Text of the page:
Conservation, Research and Education Opportunities International

Identifying conservation challenges and opportunities for the endemic Olympic mudminnow

Julian Olden, University of Washington

Background 

The Olympic mudminnow (Novumbra hubbsi) is Washington State’s only endemic species, existing nowhere else in the world, yet has the distinction of also being one of the most poorly studied. If ever a fish was in need of a public relations makeover, it’s mudminnows. Everything about the name – from undesirable mud to inconsequential minnow says “nothing to see here”. Indeed, information about their ecology is piecemeal and anecdotal, with only a half-dozen studies conducted over the last century. In this way, Olympic mudminnow share the plight of many noncommercial freshwater species, where research interest is difficult to come by and research funding even harder.

Cryptic and difficult to find, but once discovered the Olympic mudminnow is both colorful and full of charisma.

Cryptic and difficult to find, but once discovered the Olympic mudminnow is both colorful and full of charisma.

On the basis of their limited distribution as well as on some evidence of population decline in recent decades, the WADFW assigned the Olympic Mudminnow to the category of “Sensitive” in 1999, indicating their vulnerability or risk for decline without management or the removal of threats (Mongillo and Hallock 1999). Recent genetic analysis by USFWS found that even populations in close geographic proximity can be genetically distinct, underscoring concerns that Olympic mudminnow may become vulnerable in future years if individual populations succumb to threats. Our own review of literature suggests that habitat loss – particularly through water regulation and management – presents the most likely threat to the future of mudminnow populations (Kuehne and Olden 2014). This is particularly concerning given that the core range of Olympic mudminnow is threated by a proposed large-dam project in the Chehalis River.

Approach 

Wildlife and land use managers would benefit enormously from a status assessment for Olympic mudminnow that takes into account key threats and results in both state-wide and watershed level recommendations for habitat planning, monitoring, and conservation action. Our recent efforts to study this small, and largely forgotten, fish have made it feasible to conduct a detailed conservation assessment and develop a statewide monitoring strategy for Olympic mudminnow that would substantially improve information related to distributional extent, population sizes, and threats for this unique species. Indeed, the conservation status of Olympic mudminnow was last conducted 20 years ago! The goal of this project is to evaluate the conservation (and the WADFW state listing) status for Olympic mudminnow through the synthesis of existing data and the design of a monitoring program that describes inter-annual (short-term) and decadal (long-term) population trends, identifies land use changes that may impact mudminnow populations, and guides restoration and conservation efforts to recovery or protect key populations. We plan to work with multiple agencies, tribal, and non-profit partners, to develop the monitoring program, thus laying the groundwork for a collaborative network that is interested in contributing to long-term viability of Olympic mudminnow.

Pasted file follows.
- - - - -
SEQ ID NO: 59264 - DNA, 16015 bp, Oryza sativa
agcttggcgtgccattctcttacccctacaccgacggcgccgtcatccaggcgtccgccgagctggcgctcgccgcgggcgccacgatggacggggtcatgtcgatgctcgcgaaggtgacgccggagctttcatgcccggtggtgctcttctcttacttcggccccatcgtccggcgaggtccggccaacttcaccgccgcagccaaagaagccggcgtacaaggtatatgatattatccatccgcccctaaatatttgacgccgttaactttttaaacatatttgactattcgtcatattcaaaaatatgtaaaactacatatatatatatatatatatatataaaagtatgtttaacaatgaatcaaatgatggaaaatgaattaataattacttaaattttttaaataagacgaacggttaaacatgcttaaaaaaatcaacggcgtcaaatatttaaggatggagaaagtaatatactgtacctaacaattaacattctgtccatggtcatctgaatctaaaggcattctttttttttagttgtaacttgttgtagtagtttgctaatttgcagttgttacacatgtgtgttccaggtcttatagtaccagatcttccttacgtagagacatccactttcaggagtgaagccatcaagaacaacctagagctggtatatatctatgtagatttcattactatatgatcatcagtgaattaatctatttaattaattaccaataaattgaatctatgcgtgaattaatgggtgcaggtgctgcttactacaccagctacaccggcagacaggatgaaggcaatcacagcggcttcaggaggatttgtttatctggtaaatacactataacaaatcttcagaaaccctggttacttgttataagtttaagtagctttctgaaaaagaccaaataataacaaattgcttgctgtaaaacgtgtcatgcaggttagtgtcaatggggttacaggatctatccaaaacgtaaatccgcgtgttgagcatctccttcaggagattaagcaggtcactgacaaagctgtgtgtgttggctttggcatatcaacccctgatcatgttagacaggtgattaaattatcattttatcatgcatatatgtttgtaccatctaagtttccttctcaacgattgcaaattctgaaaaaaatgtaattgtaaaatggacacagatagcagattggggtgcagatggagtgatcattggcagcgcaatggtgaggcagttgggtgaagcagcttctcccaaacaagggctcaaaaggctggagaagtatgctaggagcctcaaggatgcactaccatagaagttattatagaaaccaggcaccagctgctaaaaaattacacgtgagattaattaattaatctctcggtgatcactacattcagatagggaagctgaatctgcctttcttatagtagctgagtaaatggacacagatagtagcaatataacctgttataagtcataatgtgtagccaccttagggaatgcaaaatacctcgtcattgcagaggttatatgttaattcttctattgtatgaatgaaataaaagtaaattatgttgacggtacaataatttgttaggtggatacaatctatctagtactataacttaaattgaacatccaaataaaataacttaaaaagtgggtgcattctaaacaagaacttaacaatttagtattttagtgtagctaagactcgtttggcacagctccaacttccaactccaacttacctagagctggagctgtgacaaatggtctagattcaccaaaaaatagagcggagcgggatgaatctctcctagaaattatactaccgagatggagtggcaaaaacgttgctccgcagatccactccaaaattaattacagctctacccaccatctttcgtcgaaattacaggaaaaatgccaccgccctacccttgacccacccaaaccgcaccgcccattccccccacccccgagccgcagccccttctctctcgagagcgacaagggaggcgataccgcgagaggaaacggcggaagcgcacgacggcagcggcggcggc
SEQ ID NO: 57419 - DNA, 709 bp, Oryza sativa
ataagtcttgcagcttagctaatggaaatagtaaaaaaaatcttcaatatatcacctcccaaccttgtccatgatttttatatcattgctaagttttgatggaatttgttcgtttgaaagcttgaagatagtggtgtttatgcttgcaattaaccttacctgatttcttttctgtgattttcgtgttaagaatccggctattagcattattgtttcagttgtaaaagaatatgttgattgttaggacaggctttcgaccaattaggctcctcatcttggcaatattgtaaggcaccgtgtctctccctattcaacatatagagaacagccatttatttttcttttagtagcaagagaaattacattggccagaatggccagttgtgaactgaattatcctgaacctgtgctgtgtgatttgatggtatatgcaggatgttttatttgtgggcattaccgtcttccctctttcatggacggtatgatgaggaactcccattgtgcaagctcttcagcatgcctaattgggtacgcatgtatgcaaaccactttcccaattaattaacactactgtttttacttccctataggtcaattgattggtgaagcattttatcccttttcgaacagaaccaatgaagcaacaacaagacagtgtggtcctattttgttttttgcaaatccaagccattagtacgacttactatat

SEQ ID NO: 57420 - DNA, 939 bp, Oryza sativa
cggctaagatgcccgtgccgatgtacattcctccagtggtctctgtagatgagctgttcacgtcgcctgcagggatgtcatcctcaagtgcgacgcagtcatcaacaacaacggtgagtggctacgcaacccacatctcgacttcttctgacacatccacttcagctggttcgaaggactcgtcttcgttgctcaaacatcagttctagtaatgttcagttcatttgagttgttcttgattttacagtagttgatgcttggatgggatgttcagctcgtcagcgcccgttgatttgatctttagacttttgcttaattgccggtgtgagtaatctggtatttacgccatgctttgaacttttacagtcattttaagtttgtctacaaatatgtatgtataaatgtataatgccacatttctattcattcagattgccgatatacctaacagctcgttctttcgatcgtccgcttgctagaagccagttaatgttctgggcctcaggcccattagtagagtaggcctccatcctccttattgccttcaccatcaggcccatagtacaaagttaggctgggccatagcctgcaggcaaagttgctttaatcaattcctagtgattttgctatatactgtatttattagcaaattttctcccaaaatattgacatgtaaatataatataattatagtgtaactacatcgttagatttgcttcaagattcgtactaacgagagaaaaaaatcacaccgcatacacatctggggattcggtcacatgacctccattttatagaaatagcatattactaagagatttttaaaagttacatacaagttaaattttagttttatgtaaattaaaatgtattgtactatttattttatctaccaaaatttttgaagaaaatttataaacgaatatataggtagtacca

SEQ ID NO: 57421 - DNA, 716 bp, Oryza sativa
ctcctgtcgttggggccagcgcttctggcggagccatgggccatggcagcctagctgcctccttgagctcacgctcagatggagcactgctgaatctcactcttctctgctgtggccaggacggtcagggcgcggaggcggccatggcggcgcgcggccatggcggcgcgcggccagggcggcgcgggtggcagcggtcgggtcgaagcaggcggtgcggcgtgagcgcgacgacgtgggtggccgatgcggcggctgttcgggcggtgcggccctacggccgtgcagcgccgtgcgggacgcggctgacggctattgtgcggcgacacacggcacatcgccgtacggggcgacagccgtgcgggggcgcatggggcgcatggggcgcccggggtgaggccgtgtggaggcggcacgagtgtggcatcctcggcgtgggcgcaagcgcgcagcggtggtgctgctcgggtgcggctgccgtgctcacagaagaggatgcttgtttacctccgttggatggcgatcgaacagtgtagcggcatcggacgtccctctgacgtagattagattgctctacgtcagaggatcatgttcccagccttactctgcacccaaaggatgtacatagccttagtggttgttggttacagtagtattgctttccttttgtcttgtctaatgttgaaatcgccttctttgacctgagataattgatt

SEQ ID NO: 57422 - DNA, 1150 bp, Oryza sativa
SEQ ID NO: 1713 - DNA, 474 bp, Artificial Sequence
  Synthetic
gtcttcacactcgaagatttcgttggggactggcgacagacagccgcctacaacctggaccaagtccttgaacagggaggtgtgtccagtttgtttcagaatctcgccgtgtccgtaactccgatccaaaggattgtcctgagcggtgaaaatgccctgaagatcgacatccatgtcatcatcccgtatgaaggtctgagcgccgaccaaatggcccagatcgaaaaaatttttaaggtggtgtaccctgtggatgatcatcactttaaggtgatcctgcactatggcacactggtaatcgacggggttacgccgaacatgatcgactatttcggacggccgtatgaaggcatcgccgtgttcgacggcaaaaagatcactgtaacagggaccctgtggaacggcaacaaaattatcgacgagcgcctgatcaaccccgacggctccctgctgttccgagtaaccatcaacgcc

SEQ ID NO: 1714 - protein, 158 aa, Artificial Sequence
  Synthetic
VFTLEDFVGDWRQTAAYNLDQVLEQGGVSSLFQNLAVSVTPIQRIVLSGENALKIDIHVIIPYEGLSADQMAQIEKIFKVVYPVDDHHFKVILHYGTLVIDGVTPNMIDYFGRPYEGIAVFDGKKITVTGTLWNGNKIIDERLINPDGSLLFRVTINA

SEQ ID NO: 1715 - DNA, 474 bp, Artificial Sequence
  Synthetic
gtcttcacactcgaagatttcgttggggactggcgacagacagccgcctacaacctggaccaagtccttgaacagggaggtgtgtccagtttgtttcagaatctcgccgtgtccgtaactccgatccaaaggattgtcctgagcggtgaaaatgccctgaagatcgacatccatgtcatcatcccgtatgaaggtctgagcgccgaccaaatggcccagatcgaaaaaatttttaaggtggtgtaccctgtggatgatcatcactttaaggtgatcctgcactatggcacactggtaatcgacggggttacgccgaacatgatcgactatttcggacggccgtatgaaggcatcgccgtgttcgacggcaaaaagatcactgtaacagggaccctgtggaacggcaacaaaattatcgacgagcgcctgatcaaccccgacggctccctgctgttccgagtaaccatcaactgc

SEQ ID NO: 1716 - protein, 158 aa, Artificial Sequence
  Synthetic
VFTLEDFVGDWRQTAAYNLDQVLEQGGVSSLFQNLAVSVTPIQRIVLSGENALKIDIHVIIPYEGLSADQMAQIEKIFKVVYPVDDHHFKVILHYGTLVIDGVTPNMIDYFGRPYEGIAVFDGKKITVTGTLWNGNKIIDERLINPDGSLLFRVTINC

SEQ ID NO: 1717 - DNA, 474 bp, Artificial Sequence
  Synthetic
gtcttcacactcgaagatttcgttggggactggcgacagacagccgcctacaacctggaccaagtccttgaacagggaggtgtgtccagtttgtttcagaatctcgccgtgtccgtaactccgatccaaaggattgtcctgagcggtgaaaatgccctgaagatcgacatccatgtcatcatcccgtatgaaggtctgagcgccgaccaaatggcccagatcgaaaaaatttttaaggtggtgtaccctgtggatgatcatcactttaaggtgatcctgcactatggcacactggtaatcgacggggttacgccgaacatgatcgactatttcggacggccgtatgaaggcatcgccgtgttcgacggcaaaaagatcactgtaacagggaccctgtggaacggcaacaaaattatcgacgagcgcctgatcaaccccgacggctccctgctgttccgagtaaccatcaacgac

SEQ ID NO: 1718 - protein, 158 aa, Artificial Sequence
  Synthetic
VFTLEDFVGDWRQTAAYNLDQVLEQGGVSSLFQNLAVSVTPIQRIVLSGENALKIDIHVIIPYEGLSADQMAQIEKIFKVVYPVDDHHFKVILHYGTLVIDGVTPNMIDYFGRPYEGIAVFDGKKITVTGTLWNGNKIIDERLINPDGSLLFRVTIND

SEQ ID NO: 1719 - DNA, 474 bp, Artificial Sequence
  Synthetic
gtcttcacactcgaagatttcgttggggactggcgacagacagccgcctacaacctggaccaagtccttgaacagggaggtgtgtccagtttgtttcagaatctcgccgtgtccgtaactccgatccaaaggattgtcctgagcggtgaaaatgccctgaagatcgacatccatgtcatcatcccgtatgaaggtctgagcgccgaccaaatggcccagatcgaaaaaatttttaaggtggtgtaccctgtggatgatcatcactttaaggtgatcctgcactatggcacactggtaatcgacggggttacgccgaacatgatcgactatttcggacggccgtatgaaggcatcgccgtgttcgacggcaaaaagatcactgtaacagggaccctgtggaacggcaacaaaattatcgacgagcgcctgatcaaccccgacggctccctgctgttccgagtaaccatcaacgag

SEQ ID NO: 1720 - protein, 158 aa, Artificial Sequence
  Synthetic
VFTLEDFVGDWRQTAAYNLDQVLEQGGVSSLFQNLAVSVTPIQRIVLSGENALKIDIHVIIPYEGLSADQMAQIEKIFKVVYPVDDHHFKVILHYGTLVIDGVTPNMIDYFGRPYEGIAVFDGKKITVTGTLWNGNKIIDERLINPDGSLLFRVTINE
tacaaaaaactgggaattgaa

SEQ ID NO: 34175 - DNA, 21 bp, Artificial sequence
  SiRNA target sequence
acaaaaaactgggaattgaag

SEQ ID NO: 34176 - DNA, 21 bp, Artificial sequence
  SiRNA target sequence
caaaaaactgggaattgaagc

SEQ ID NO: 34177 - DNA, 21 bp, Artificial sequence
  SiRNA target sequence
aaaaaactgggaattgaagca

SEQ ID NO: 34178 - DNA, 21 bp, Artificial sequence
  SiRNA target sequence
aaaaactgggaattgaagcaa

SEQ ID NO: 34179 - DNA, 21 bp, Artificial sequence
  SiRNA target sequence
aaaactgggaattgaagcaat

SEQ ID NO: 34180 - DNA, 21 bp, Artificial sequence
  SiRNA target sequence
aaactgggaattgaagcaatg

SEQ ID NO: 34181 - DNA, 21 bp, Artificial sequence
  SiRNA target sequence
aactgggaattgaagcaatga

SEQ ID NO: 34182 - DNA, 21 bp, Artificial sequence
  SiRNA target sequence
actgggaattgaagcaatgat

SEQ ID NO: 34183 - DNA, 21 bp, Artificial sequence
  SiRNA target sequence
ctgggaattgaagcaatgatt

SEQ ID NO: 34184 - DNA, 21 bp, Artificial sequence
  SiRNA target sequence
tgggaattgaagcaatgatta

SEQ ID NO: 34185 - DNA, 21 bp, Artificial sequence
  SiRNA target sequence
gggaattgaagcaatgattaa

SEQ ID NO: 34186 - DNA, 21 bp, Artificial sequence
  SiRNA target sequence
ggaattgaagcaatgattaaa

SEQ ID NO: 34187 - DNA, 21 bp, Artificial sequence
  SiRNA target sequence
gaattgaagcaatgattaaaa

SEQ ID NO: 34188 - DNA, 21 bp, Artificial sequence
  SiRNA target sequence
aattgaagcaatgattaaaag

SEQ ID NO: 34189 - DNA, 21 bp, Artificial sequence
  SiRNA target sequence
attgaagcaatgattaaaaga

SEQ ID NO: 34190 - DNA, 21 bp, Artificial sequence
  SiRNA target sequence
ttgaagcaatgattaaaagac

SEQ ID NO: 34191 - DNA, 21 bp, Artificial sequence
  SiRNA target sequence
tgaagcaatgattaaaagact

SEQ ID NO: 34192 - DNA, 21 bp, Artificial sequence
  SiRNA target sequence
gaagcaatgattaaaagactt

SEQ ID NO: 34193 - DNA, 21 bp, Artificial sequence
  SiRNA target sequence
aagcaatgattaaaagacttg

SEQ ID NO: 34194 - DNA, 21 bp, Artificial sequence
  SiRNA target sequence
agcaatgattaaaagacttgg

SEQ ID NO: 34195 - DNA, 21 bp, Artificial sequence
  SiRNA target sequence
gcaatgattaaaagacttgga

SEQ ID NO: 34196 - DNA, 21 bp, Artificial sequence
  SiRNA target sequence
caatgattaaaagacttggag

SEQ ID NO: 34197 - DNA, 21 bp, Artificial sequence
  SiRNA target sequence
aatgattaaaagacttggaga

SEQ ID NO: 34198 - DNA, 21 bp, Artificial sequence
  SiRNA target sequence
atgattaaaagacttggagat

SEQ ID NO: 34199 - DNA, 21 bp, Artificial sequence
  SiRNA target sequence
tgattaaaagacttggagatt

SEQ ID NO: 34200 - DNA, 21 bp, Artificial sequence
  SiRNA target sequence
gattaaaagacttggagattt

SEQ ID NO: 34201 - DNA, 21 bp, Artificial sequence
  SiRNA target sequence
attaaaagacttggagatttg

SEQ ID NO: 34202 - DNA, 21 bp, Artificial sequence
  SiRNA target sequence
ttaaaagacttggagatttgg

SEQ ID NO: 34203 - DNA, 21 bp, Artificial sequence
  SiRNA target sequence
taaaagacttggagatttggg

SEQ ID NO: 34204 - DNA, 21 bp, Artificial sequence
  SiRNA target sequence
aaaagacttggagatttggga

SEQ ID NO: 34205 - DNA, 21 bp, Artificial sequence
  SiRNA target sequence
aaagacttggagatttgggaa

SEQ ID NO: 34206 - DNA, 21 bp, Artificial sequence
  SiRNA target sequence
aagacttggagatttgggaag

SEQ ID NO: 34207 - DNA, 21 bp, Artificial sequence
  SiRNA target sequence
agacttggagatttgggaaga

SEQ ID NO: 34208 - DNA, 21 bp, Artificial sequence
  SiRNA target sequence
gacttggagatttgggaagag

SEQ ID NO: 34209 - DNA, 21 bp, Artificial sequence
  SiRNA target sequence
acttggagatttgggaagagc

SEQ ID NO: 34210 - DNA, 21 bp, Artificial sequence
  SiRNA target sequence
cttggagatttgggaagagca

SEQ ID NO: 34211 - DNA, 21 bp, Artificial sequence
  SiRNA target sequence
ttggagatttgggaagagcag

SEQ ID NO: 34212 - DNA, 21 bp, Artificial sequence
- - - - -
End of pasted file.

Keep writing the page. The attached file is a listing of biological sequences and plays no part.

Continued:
The specific objectives of this proposal are to:

1) Develop a state-wide conservation assessment and restoration prioritization plan.

2) Design and implement a monitoring program that tracks multiple locations across the mudminnow range to assess changes in population status, abundance, and corresponding natural and human-caused environmental conditions over time.

3) Create and maintain an open-access data depository and information portal to facilitate ongoing research and public awareness for Olympic mudminnow.

Implications 

The proposed project will support and inform the state listing status (currently ‘Sensitive’) for Olympic mudminnow, monitor population responses to ongoing land use and habitat changes, and offer early warning as to changes in conservation status. It may be that portions of the population may respond differently to landscape-scale changes (e.g., water regulation projects, climate change) or dominant land uses, and a monitoring dataset can lay a foundation for ongoing research into these and other areas. Our agency, tribal, and non-profit partners are very interested in the conservation of Olympic mudminnow, and we believe it is possible to establish a collaborative network to share information, fill knowledge gaps, and work together to educate and inform generations of researchers, managers, and the public about this unique fish. For example, “adoption” annual monitoring sites by local agencies or non-profits creates potential to reach out to the local community in an ongoing way for help and/or use sampling events as education or outreach opportunities.

A partial list of collaborating partners includes the Oregon Zoo Foundation, US Fish and Wildlife Service, Washington Department of Ecology, Washington Department of Fish and Wildlife, Olympic National Park and a number of indigenous peoples, including Confederated Tribes of the Chehalis Reservation, Quileute Tribe and the Quinault Nation. ($20,000)